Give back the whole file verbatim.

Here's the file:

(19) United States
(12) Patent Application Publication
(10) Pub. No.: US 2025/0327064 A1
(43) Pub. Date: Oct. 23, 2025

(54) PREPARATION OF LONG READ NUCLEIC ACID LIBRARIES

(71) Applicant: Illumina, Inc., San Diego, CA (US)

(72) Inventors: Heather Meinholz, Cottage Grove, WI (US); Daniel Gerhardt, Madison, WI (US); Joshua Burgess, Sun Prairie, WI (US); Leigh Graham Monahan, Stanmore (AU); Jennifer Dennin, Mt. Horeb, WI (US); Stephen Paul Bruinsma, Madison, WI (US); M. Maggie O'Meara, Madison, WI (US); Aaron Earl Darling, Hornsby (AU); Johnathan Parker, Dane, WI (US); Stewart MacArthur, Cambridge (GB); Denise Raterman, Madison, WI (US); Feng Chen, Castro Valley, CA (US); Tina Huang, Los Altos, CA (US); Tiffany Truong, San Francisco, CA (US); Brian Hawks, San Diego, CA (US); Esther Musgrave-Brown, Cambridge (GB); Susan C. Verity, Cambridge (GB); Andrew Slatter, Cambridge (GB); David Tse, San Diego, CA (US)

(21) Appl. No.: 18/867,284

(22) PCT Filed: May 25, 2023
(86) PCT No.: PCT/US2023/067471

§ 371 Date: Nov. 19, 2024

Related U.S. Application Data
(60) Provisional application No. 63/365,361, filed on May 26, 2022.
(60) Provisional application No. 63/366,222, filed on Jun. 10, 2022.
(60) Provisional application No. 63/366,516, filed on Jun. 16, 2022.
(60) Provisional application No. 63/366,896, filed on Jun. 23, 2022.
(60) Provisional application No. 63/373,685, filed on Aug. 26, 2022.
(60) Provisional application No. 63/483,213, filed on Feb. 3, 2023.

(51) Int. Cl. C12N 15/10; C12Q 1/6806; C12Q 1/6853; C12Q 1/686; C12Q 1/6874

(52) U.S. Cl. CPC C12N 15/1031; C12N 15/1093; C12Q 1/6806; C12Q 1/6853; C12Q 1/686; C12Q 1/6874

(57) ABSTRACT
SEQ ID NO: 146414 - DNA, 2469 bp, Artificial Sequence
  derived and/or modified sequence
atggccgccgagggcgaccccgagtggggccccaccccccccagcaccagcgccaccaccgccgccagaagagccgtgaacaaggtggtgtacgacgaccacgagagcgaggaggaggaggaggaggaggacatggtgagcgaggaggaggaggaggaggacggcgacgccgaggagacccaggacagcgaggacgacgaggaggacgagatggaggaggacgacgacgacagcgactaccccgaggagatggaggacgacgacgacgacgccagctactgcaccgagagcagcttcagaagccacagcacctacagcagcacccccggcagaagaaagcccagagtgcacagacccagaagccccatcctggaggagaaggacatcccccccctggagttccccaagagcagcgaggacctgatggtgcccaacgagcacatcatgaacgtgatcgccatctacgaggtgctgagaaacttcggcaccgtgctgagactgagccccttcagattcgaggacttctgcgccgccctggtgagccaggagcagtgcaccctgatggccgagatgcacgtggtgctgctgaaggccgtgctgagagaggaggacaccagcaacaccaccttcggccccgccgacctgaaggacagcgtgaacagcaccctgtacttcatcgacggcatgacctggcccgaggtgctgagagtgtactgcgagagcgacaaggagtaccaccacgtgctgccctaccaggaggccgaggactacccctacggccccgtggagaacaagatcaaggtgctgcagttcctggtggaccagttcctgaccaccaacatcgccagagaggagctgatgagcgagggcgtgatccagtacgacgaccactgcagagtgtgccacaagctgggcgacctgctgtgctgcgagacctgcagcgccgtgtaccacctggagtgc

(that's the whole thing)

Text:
(19) United States
(12) Patent Application Publication
(10) Pub. No.: US 2025/0327064 A1
(43) Pub. Date: Oct. 23, 2025

(54) PREPARATION OF LONG READ NUCLEIC ACID LIBRARIES

(71) Applicant: Illumina, Inc., San Diego, CA (US)

(72) Inventors: Heather Meinholz, Cottage Grove, WI (US); Daniel Gerhardt, Madison, WI (US); Joshua Burgess, Sun Prairie, WI (US); Leigh Graham Monahan, Stanmore (AU); Jennifer Dennin, Mt. Horeb, WI (US); Stephen Paul Bruinsma, Madison, WI (US); M. Maggie O'Meara, Madison, WI (US); Aaron Earl Darling, Hornsby (AU); Johnathan Parker, Dane, WI (US); Stewart MacArthur, Cambridge (GB); Denise Raterman, Madison, WI (US); Feng Chen, Castro Valley, CA (US); Tina Huang, Los Altos, CA (US); Tiffany Truong, San Francisco, CA (US); Brian Hawks, San Diego, CA (US); Esther Musgrave-Brown, Cambridge (GB); Susan C. Verity, Cambridge (GB); Andrew Slatter, Cambridge (GB); David Tse, San Diego, CA (US)

(21) Appl. No.: 18/867,284

(22) PCT Filed: May 25, 2023
(86) PCT No.: PCT/US2023/067471

§ 371 Date: Nov. 19, 2024

Related U.S. Application Data
(60) Provisional application No. 63/365,361, filed on May 26, 2022.
(60) Provisional application No. 63/366,222, filed on Jun. 10, 2022.
(60) Provisional application No. 63/366,516, filed on Jun. 16, 2022.
(60) Provisional application No. 63/366,896, filed on Jun. 23, 2022.
(60) Provisional application No. 63/373,685, filed on Aug. 26, 2022.
(60) Provisional application No. 63/483,213, filed on Feb. 3, 2023.

(51) Int. Cl. C12N 15/10; C12Q 1/6806; C12Q 1/6853; C12Q 1/686; C12Q 1/6874

(52) U.S. Cl. CPC C12N 15/1031; C12N 15/1093; C12Q 1/6806; C12Q 1/6853; C12Q 1/686; C12Q 1/6874

(57) ABSTRACT
SEQ ID NO: 146414 - DNA, 2469 bp, Artificial Sequence
  derived and/or modified sequence
atggccgccgagggcgaccccgagtggggccccaccccccccagcaccagcgccaccaccgccgccagaagagccgtgaacaaggtggtgtacgacgaccacgagagcgaggaggaggaggaggaggaggacatggtgagcgaggaggaggaggaggaggacggcgacgccgaggagacccaggacagcgaggacgacgaggaggacgagatggaggaggacgacgacgacagcgactaccccgaggagatggaggacgacgacgacgacgccagctactgcaccgagagcagcttcagaagccacagcacctacagcagcacccccggcagaagaaagcccagagtgcacagacccagaagccccatcctggaggagaaggacatcccccccctggagttccccaagagcagcgaggacctgatggtgcccaacgagcacatcatgaacgtgatcgccatctacgaggtgctgagaaacttcggcaccgtgctgagactgagccccttcagattcgaggacttctgcgccgccctggtgagccaggagcagtgcaccctgatggccgagatgcacgtggtgctgctgaaggccgtgctgagagaggaggacaccagcaacaccaccttcggccccgccgacctgaaggacagcgtgaacagcaccctgtacttcatcgacggcatgacctggcccgaggtgctgagagtgtactgcgagagcgacaaggagtaccaccacgtgctgccctaccaggaggccgaggactacccctacggccccgtggagaacaagatcaaggtgctgcagttcctggtggaccagttcctgaccaccaacatcgccagagaggagctgatgagcgagggcgtgatccagtacgacgaccactgcagagtgtgccacaagctgggcgacctgctgtgctgcgagacctgcagcgccgtgtaccacctggagtgc